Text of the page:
I recently had an experience with a client that served as a huge reminder of the importance of inspections. Often, buyers do their inspections and identify minor repairs that are needed around the house. It’s normal; they are not buying a brand new home. Sometimes the seller will pay for the repairs and sometimes they won’t, but they can usually come to a satisfactory agreement, and the buyers can press forward and buy the property. In this instance, everything went well with the home inspection. Minor issues were uncovered. The seller was willing to fix most of the items to my clients’ satisfaction. Then we had the mold inspection. The mold inspector detected moisture in a wall on the ground level. He tracked the source of the water to a leak at the exterior wall where the weather proofing had been ripped apart. (The weather proofing contractor would later explain that the weather proofing installed when the house was built was yellow jacket, an inexpensive, not very durable material.) The mold inspector drew the conclusion that the plant roots along the side of the house caused the tear in the weather proofing and ultimately, the sprinklers leaked into the house. This discovery led the seller to reveal that there was moisture in the same wall 10 years ago. The wall was patched but the source of the leak was never identified. The sellers merely cut down the time on the sprinklers, never noticing that the weather proofing was no longer in tact. So it was quite possible that the sprinklers were leaking into the house for at least 10 years. No matter the fault, we had caught a relatively serious issue, and the seller agreed to replace the weatherproofing and stop the leak. But there was still the issue of the moisture in the wall. The inspector suggested we open up the wall in order to dry it out and to assess the damage. The seller said no, because they had looked in the wall only 6 weeks earlier while doing some aesthetic patching and said it was dry. My clients were frustrated with this conflicting information. They really wanted the house and were willing to pay for some of the damage, but they wanted to make sure that the cost wouldn’t be astronomical. They even offered to pay for the cost of opening and patching the wall in order to look inside it. After days of negotiating, the seller finally agreed to open the wall. When the wall was opened, we ultimately found that the studs were riddled with mold. And it was possible that the mold extended into the second floor. Repairs would have cost much more than what my clients were willing to spend, and the house would no longer be a good buy. The mold inspection identified problems that never came up on the home inspection report or on the seller’s disclosures. It was only the buyer’s due diligence and thoroughness that uncovered problems that could have been easily overlooked. Had my clients closed escrow and had not spent the time and money to do their inspections, they could have been saddled with some extensive mold and water intrusion problems down the road.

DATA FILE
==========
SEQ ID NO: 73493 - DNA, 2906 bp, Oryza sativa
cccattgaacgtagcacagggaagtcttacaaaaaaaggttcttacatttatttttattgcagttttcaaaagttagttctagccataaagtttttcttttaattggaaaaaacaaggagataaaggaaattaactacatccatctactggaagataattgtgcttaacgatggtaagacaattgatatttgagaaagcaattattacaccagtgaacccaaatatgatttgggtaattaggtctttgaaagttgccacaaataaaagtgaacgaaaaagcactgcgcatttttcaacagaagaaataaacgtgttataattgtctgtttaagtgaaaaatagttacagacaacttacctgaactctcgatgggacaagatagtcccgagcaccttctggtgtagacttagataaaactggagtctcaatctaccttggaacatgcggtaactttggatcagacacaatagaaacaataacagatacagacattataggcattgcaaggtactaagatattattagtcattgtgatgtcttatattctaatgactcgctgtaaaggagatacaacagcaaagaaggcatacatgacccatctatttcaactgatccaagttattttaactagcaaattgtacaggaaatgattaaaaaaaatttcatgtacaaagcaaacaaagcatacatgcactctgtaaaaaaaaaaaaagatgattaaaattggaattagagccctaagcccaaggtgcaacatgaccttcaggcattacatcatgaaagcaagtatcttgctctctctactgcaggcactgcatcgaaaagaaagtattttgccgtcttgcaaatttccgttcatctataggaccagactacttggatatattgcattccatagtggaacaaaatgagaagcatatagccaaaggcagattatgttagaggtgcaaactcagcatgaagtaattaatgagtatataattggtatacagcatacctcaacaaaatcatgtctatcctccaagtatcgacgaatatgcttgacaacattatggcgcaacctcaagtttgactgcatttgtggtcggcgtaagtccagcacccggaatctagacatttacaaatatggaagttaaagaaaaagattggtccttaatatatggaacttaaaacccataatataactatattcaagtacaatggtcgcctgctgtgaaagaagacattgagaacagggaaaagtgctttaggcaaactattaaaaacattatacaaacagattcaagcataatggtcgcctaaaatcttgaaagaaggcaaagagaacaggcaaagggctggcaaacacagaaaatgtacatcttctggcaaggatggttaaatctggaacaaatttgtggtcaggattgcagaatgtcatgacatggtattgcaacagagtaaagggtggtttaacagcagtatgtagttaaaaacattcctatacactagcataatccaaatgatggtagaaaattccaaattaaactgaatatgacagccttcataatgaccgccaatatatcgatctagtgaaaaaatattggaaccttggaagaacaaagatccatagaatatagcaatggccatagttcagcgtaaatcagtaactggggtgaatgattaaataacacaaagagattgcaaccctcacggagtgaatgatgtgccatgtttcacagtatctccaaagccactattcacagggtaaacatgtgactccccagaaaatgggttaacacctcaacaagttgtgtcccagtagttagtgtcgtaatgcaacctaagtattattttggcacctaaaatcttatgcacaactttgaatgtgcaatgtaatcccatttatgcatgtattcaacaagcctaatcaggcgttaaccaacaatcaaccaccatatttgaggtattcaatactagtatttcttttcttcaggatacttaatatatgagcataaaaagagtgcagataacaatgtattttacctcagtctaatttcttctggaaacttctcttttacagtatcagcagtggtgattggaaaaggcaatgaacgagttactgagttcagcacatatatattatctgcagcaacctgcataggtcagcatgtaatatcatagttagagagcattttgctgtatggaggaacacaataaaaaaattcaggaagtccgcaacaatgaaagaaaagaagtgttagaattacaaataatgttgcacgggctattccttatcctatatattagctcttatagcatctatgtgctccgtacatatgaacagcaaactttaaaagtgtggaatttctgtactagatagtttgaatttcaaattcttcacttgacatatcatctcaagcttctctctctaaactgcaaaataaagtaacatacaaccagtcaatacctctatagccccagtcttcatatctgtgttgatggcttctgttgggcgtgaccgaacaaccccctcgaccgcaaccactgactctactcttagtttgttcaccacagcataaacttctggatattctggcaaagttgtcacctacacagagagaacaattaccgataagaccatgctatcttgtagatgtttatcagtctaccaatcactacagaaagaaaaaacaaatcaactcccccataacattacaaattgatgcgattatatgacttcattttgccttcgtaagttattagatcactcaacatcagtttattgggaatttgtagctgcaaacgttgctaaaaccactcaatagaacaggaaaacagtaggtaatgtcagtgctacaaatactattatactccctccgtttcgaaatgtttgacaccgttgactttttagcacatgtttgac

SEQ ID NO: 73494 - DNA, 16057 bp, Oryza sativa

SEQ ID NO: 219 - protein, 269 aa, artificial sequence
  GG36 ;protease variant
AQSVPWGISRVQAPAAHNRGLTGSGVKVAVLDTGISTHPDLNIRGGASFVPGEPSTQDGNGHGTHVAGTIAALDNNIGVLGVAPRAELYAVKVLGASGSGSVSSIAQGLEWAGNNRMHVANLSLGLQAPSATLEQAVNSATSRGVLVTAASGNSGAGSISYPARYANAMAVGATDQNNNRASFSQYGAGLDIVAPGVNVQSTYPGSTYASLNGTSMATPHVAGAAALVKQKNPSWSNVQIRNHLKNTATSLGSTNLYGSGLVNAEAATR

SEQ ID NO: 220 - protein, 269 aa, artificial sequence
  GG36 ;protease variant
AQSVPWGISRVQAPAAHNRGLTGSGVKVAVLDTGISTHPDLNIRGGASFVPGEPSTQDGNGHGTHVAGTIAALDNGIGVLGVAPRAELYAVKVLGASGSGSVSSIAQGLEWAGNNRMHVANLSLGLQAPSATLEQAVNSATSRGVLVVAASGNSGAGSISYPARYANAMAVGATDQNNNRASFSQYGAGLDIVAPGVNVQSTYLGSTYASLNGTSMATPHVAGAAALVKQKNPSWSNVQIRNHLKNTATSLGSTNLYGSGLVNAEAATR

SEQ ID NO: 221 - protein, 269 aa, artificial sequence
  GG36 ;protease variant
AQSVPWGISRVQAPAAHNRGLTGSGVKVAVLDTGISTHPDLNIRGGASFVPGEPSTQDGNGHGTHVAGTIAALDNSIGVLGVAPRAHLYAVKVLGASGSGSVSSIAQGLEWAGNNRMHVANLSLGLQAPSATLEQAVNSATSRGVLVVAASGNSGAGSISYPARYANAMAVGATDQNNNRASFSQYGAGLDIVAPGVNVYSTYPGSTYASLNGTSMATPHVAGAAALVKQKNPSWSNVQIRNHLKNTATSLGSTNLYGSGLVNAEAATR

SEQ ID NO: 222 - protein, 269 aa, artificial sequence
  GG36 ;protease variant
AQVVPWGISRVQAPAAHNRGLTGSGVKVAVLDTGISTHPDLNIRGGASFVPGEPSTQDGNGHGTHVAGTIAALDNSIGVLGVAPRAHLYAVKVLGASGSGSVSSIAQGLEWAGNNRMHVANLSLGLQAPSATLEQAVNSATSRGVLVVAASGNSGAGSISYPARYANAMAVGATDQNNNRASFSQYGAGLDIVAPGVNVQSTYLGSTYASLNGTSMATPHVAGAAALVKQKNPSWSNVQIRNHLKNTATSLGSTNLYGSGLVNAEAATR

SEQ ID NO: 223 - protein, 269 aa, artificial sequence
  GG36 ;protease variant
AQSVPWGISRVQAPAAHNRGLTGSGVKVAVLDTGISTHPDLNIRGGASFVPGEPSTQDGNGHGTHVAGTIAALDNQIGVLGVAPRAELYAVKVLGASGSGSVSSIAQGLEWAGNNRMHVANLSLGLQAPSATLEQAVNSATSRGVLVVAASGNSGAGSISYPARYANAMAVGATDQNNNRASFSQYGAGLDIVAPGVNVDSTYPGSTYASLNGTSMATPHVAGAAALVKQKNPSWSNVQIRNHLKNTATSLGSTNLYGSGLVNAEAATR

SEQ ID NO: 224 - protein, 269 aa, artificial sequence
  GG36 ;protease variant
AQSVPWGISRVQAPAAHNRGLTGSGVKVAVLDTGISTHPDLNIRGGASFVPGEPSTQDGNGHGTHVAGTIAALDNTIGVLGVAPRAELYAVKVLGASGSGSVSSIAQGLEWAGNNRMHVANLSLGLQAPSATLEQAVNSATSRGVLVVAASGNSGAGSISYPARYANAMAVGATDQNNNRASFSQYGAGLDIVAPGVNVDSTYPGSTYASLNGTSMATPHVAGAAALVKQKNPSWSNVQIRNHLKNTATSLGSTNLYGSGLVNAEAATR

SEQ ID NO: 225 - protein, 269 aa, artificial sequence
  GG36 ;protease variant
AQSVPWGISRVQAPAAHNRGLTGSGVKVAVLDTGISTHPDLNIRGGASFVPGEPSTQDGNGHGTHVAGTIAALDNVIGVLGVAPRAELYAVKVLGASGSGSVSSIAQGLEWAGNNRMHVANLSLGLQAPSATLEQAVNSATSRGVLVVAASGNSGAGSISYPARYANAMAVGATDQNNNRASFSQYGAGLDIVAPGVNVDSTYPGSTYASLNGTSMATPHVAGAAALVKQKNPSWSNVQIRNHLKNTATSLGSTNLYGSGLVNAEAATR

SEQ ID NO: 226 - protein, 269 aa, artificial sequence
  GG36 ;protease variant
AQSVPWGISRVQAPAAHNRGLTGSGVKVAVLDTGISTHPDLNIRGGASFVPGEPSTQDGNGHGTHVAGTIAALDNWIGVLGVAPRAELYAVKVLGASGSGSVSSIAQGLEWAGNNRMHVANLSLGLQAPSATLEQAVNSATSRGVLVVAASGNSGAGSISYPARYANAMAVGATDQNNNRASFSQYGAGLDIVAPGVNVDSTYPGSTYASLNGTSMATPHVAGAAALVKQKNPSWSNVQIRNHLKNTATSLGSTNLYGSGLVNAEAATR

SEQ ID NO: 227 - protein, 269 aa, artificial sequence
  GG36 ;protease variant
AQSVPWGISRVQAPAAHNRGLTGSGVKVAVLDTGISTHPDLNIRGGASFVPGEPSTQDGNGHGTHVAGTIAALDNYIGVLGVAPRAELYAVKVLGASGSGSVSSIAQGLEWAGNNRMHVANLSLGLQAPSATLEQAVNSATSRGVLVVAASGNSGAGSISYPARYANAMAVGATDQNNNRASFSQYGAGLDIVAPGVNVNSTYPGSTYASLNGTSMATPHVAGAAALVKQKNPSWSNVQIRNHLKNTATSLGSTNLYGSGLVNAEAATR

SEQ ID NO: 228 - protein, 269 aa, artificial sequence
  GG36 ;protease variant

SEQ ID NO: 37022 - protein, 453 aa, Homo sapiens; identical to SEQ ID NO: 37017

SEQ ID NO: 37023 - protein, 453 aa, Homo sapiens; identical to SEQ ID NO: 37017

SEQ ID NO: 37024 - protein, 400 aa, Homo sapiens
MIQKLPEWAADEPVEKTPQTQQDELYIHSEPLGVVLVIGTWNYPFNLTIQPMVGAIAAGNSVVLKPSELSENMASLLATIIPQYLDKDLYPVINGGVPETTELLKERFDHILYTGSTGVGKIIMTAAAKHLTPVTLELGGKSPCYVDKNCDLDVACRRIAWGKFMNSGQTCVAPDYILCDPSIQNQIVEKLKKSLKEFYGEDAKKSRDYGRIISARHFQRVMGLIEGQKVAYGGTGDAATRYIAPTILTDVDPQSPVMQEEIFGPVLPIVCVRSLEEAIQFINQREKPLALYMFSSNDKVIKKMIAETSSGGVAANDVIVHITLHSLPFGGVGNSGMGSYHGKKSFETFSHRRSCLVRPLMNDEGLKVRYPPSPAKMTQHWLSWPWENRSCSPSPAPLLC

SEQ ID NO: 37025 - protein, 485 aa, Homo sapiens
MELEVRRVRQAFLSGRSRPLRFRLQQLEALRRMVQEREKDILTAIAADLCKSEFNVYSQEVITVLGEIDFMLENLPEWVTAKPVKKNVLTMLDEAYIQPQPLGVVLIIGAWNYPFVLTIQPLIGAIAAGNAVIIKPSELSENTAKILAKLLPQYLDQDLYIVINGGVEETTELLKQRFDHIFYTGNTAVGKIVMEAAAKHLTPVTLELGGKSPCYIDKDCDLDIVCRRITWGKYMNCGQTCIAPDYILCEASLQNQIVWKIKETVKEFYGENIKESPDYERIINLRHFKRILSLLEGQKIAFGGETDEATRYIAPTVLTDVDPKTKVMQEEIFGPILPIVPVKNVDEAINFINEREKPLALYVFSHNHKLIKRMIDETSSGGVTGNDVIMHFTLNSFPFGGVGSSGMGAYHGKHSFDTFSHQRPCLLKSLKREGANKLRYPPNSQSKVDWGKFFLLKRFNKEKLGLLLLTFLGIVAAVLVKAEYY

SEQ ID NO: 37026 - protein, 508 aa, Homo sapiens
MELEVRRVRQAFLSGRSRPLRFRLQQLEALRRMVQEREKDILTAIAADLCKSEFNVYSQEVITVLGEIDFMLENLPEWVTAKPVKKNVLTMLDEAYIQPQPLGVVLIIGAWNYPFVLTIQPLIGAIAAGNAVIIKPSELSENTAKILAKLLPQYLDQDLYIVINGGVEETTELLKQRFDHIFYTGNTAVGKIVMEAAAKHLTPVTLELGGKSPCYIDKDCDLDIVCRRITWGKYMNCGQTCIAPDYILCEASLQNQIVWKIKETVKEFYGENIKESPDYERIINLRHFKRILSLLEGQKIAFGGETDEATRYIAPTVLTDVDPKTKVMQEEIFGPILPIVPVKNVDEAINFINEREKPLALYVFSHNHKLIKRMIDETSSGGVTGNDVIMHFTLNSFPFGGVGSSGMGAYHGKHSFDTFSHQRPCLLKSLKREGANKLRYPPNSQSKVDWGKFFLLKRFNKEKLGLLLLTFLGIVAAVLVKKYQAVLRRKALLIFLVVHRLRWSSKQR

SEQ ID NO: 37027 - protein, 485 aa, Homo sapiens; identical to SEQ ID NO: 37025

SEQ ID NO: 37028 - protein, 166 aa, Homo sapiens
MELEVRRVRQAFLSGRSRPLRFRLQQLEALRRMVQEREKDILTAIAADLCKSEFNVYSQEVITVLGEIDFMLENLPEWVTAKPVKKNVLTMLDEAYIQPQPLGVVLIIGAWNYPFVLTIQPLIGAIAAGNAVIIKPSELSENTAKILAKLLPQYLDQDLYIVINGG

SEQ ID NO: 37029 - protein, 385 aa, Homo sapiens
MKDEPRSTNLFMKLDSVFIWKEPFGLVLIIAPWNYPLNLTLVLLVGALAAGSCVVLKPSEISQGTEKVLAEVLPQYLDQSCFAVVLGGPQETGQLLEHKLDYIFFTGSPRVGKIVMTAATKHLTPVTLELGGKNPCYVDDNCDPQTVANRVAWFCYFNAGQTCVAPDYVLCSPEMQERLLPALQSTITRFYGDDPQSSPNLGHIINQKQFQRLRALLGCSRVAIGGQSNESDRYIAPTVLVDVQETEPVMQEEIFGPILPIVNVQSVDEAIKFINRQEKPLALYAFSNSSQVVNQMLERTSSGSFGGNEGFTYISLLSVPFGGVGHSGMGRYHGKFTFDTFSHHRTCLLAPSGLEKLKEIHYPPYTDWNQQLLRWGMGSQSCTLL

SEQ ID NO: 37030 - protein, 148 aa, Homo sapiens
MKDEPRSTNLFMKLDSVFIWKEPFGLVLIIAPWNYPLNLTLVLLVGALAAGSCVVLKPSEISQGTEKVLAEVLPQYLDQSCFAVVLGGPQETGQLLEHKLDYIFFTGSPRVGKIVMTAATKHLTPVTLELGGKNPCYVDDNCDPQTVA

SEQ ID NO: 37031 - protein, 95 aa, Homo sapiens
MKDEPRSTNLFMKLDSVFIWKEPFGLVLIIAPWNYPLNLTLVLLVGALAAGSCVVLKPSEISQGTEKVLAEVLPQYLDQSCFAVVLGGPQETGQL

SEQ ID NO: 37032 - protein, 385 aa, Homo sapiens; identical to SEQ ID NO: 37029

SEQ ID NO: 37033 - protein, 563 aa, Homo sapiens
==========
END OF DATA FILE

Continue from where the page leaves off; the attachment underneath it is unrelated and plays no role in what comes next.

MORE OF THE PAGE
When negotiating with an unrealistic seller, it helps to gather as much information as possible. You want to know at what price the seller purchased the property. How much money, if any, did he put into the property? Are there any specific circumstances that have led to the seller putting his home on the market? This will help determine where the seller is coming from. He may be trying to recoup the money that he paid for the property. Or it may have been a labor of love, and he feels that his house is worth more. Either way, it’s going to take a lot of work to convince the seller to sell for less. If the seller doesn’t have to sell, then most likely he won’t. So it’s good to know the seller’s level of urgency. If the seller can wait it out for a couple of years, he will be unlikely to negotiate because he doesn’t have to; he’s merely testing the waters. “If somebody bites, great. If not, I’ll try it again when the market turns.”If the seller does need to sell, then you have something to work with. If possible, try to find out if there have been any other offers and at what price point. The listing agent may or may not be willing to give out this information. Legally, they can. As long as the seller is okay with it, the listing agent can disclose how much the other offers were for. But if the offers are low, many agents will not be willing to divulge this information. If you know that the seller has received a couple of offers that have been lower than hoped for, he may be getting a clue to where the home’s market value really lies. Market value is what people are willing to pay. If buyers keep coming in with offers at X, then clearly Y is not the right price. If you make a similar offer, he may no longer be surprised, and possibly ready to negotiate. The listing agent will also have more ammunition to talk the seller down. How the seller responded to past offers can also be insightful. Did the seller ignore low offers? In that case, it may be a better idea to make an offer at market value and say it’s your highest and best offer. If the seller’s pattern was to counter any low offers, then you may be able to start lower than what you’re willing to pay, and come up. This makes the seller feel like he’s getting something more out of you.In the case where there have been no offers, then Days on Market can be very telling. A listing that has been on the market for months, in an active market, is clearly overpriced. Having a strong understanding of the comps and a good rationale for your offer price can help the seller see the light. But it’s also important to make sure the listing agent agrees with your assessment, because it’s the listing agent who will advise the seller on how to respond.